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      Portugal’s first major forensic case and the genesis of forensic toxicology: 10 years of research to reconstruct the event


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          The “Crime of Flores Street” is one of the most famous cases of poisoning to divide public opinion in Portugal in the late 19th century, and it also demonstrated the weaknesses of the Portuguese medicolegal system and attested to the importance of toxicological analysis. Vicente Urbino de Freitas was a prominent doctor, graduating from the Faculty of Medicine of the University of Coimbra in 1875. He later became Professor of Physiology at the Porto Medical-Surgical School and author of a number of books on leprosy. In 1877, he married Maria das Dores Basto Sampaio Freitas, and this was followed by the death of a number of her close relatives in suspicious circumstances, notably her brother José António Sampaio Junior and nephew Mário Guilherme Augusto de Sampaio. This review aims to retell the story of Portugal’s first significant medicolegal case as well as the accompanying judicial drama that gave birth to Forensic Toxicology in Portugal and prompted the medicolegal organization that exists today. This research was carried out over a 10-year period and represents undeniable historical value given the rarity of the facts compiled. At the heart of this forensic case was the use of toxicological analyses in court for which the Chemist António Joaquim Ferreira da Silva played a key role. This toxicological report revealed high concentrations of morphine, delphinine and narceine in viscera and in Mario’s urine. The Mario’s cause of death was attributed to poisoning by opium alkaloids. Despite the strong judicial evidence, doubts still remains as to whether Vicente Urbino de Freitas was a “monster” or a victim of circumstances and a hapless martyr.

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          Hipócrates traído [Cheating hippocrates]


            Author and article information

            Forensic Sci Res
            Forensic Sci Res
            Forensic Sciences Research
            Taylor & Francis
            March 2019
            20 November 2018
            : 4
            : 1 , Special Issue on Forensic Anthropology, Part II: Estimation of Age and Identification; Guest Editor: Douglas H. Ubelaker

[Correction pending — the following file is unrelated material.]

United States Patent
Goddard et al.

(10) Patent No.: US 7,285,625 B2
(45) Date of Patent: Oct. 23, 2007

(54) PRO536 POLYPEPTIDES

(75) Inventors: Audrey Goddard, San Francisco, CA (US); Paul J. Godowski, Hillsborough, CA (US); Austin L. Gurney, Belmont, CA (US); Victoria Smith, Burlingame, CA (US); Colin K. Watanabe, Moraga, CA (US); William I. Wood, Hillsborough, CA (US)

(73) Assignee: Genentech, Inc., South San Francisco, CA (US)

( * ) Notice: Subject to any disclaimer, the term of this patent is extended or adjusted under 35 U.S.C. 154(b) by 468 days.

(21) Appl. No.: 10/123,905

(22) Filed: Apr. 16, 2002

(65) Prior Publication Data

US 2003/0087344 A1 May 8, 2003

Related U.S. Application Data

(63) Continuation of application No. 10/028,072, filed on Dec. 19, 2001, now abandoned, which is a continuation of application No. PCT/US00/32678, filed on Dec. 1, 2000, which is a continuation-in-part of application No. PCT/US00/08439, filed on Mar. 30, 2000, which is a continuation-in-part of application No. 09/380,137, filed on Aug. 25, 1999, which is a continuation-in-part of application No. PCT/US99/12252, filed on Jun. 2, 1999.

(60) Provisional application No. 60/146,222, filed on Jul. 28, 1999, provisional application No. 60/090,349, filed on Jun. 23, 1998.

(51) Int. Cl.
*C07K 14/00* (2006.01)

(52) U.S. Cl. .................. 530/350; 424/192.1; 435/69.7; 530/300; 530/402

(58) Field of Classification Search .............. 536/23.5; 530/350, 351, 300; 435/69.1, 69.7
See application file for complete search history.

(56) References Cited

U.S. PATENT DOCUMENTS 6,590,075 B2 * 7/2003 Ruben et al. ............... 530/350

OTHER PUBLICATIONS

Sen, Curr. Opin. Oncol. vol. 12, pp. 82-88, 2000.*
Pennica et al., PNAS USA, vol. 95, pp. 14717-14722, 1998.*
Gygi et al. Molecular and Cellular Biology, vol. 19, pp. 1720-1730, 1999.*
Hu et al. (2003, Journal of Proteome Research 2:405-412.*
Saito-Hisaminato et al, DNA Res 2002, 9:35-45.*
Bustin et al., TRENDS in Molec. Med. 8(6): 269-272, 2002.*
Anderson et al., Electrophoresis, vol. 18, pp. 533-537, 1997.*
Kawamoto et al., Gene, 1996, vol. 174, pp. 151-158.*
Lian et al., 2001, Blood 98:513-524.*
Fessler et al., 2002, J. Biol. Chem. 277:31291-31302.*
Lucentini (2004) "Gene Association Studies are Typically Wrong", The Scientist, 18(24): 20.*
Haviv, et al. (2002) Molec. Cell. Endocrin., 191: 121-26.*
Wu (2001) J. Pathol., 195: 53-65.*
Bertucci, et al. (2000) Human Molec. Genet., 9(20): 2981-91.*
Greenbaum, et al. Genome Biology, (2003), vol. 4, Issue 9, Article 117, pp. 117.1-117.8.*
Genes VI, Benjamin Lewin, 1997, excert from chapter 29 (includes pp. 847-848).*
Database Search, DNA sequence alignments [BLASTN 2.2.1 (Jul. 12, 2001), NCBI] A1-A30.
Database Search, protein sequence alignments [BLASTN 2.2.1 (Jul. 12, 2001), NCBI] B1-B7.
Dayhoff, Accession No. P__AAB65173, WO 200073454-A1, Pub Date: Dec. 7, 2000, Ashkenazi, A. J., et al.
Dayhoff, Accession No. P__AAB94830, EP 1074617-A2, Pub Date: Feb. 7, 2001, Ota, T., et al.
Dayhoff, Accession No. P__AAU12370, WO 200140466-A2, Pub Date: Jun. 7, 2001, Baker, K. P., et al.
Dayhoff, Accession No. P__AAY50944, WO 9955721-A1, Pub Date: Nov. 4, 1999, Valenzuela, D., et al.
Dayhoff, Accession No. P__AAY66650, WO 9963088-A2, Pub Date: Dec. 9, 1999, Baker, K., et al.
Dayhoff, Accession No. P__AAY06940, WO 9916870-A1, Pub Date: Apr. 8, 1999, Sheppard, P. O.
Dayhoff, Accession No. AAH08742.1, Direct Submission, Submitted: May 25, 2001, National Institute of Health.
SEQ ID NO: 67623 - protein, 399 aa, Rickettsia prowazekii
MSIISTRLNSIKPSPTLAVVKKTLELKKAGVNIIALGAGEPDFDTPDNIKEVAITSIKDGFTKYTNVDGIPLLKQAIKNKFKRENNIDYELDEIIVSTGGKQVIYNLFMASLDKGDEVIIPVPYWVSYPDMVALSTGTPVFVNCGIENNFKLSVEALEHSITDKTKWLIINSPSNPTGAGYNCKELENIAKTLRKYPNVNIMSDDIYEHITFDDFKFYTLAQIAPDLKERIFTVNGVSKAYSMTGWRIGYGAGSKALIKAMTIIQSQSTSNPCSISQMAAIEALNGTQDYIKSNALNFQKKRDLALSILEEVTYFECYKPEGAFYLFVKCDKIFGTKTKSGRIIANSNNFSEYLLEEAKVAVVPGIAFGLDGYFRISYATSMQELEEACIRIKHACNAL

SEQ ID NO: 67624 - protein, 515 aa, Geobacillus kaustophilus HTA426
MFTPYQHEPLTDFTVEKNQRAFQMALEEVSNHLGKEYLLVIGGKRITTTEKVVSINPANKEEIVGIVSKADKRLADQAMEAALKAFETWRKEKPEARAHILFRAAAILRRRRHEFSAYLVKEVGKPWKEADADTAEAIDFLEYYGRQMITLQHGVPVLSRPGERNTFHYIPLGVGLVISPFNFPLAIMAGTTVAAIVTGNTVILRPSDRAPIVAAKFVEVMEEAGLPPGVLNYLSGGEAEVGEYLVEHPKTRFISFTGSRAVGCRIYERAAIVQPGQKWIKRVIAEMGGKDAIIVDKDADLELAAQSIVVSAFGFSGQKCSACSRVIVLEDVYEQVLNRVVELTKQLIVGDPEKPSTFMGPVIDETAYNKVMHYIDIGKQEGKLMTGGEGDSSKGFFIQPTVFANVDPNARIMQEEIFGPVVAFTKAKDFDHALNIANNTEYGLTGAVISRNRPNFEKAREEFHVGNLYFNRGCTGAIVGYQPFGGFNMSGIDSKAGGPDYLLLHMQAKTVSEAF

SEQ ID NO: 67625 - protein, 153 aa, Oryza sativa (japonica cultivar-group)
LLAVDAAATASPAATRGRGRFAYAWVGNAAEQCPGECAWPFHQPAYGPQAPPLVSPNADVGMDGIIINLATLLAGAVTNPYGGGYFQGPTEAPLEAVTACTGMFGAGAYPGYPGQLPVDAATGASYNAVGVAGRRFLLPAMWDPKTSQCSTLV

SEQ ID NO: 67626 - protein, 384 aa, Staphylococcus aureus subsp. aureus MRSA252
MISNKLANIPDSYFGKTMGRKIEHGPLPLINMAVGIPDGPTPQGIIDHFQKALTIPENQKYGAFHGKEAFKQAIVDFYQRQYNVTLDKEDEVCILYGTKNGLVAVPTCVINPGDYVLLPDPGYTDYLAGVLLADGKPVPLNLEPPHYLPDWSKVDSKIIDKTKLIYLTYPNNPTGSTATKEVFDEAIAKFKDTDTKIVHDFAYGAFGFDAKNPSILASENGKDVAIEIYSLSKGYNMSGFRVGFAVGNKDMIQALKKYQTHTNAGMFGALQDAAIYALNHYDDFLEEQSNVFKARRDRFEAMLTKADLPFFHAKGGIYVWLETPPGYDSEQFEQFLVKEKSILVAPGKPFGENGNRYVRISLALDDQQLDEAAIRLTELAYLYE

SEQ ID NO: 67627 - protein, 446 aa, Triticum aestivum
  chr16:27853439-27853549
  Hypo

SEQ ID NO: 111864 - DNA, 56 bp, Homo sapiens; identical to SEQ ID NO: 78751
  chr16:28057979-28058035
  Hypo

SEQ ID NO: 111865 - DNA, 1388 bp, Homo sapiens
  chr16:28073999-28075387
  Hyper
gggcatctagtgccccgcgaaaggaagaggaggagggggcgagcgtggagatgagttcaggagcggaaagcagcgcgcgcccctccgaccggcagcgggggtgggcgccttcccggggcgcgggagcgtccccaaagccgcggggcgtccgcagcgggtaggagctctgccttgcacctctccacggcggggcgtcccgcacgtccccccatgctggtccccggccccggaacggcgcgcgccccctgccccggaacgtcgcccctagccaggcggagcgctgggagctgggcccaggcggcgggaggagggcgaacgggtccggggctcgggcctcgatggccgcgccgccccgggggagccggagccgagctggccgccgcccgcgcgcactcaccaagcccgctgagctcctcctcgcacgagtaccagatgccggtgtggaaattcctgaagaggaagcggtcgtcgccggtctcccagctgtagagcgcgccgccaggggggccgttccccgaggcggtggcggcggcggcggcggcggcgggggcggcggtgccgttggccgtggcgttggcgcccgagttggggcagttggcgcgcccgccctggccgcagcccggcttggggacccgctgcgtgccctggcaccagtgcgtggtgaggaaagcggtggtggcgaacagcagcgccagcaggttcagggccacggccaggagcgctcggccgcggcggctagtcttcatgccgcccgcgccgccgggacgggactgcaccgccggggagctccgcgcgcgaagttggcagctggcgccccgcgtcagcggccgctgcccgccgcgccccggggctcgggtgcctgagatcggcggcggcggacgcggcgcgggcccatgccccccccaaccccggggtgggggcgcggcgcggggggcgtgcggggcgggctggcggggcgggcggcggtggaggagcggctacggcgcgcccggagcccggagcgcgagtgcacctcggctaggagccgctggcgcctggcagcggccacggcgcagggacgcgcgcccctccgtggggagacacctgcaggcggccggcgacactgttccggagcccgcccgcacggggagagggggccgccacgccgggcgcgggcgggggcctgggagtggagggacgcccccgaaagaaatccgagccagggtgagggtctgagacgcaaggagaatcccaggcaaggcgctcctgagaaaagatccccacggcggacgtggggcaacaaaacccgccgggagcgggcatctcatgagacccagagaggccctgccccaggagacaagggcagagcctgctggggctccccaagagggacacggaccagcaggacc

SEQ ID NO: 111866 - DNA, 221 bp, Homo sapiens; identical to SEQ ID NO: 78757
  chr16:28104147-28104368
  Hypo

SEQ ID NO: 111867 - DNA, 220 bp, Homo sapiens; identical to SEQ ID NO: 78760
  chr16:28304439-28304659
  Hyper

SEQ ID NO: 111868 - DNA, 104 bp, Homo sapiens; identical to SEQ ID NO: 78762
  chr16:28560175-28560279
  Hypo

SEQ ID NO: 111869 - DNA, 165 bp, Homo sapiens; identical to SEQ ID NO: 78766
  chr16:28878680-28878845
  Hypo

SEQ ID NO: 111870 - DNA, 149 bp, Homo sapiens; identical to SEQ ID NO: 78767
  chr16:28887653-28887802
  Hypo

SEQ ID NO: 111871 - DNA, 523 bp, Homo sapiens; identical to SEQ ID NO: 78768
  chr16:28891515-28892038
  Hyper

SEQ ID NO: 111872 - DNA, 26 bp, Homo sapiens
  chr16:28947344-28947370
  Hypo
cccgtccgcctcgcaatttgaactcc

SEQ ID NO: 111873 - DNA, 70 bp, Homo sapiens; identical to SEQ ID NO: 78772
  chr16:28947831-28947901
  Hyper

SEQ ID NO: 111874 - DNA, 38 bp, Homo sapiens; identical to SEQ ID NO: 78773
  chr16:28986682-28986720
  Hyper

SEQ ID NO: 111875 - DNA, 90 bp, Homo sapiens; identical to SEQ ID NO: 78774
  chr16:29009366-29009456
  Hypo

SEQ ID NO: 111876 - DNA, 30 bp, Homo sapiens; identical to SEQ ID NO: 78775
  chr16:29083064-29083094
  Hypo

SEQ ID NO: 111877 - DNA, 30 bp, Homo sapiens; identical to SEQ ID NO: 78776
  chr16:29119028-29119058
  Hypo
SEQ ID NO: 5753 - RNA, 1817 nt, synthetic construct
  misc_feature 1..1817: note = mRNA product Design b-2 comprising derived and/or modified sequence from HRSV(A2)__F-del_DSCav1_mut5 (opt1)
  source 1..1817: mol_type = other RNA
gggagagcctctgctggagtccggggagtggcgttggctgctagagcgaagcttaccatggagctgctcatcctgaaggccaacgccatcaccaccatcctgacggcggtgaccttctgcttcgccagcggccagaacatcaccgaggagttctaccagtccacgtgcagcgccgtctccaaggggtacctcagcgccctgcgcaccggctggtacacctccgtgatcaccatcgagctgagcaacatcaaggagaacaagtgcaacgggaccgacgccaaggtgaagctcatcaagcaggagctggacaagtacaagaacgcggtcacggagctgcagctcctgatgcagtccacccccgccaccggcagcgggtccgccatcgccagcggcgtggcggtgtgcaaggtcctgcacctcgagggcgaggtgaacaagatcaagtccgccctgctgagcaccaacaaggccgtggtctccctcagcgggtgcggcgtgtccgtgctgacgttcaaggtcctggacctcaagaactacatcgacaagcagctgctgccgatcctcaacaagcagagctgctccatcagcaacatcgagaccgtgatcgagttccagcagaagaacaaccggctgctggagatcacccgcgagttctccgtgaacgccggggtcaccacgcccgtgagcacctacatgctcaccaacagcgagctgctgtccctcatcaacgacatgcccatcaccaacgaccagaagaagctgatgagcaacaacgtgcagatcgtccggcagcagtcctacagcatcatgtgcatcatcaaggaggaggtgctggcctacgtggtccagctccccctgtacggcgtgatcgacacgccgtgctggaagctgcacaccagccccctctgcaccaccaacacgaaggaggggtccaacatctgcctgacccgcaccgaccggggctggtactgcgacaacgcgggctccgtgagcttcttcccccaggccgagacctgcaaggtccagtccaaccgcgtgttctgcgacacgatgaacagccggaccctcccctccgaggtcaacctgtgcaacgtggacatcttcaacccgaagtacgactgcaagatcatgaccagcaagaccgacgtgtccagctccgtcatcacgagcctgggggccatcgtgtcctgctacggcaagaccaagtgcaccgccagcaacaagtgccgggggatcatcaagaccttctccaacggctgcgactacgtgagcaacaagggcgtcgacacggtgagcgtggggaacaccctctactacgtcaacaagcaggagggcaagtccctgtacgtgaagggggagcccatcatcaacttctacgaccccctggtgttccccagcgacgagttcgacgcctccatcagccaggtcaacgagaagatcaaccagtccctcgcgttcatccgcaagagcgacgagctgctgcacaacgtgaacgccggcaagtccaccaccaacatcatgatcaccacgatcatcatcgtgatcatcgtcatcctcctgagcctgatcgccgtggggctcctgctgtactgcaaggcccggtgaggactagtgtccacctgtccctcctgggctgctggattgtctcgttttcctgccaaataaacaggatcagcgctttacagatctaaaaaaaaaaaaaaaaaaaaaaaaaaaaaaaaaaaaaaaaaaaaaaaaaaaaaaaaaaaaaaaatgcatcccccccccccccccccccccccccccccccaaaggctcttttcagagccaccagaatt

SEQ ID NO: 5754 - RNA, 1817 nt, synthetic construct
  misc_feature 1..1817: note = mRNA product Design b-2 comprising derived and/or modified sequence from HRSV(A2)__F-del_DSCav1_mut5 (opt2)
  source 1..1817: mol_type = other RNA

: 69-81
            [a ]Department of Sciences, IINFACTS – Institute of Research and Advanced Training in Health Sciences and Technologies, University Institute of Health Sciences (IUCS), CESPU, CRL , Gandra, Portugal;
            [b ]UCIBIO-REQUIMTE, Laboratory of Toxicology, Department of Biological Sciences, Faculty of Pharmacy, University of Porto , Porto, Portugal;
            [c ]Department of Public Health and Forensic Sciences, and Medical Education, Faculty of Medicine, University of Porto , Porto, Portugal
            Author notes
            CONTACT Ricardo Jorge Dinis-Oliveira ricardinis@ 123456sapo.pt
            Author information
            © 2018 The Author(s). Published by Taylor & Francis Group on behalf of the Academy of Forensic Science.

            This is an Open Access article distributed under the terms of the Creative Commons Attribution License ( http://creativecommons.org/licenses/by/4.0/), which permits unrestricted use, distribution, and reproduction in any medium, provided the original work is properly cited.

            : 12 July 2018
            : 07 October 2018
            Page count
            Figures: 15, Tables: 0, Pages: 10, Words: 5644
            Funded by: Fundação para a Ciência e a Tecnologia (FCT)
            Award ID: IF/01147/2013
            Funded by: FEDER
            Award ID: 007265-UID/QUI/50006/2013
            Ricardo Dinis-Oliveira acknowledges Fundação para a Ciência e a Tecnologia (FCT) for his Investigator Grant [grant number IF/01147/2013]. This work was supported by FEDER under Program PT2020 [grant number 007265-UID/QUI/50006/2013].

            forensic sciences,forensic toxicology,vicente urbino de freitas,antónio joaquim ferreira da silva,medical-surgical school,mário guilherme augusto de sampaio


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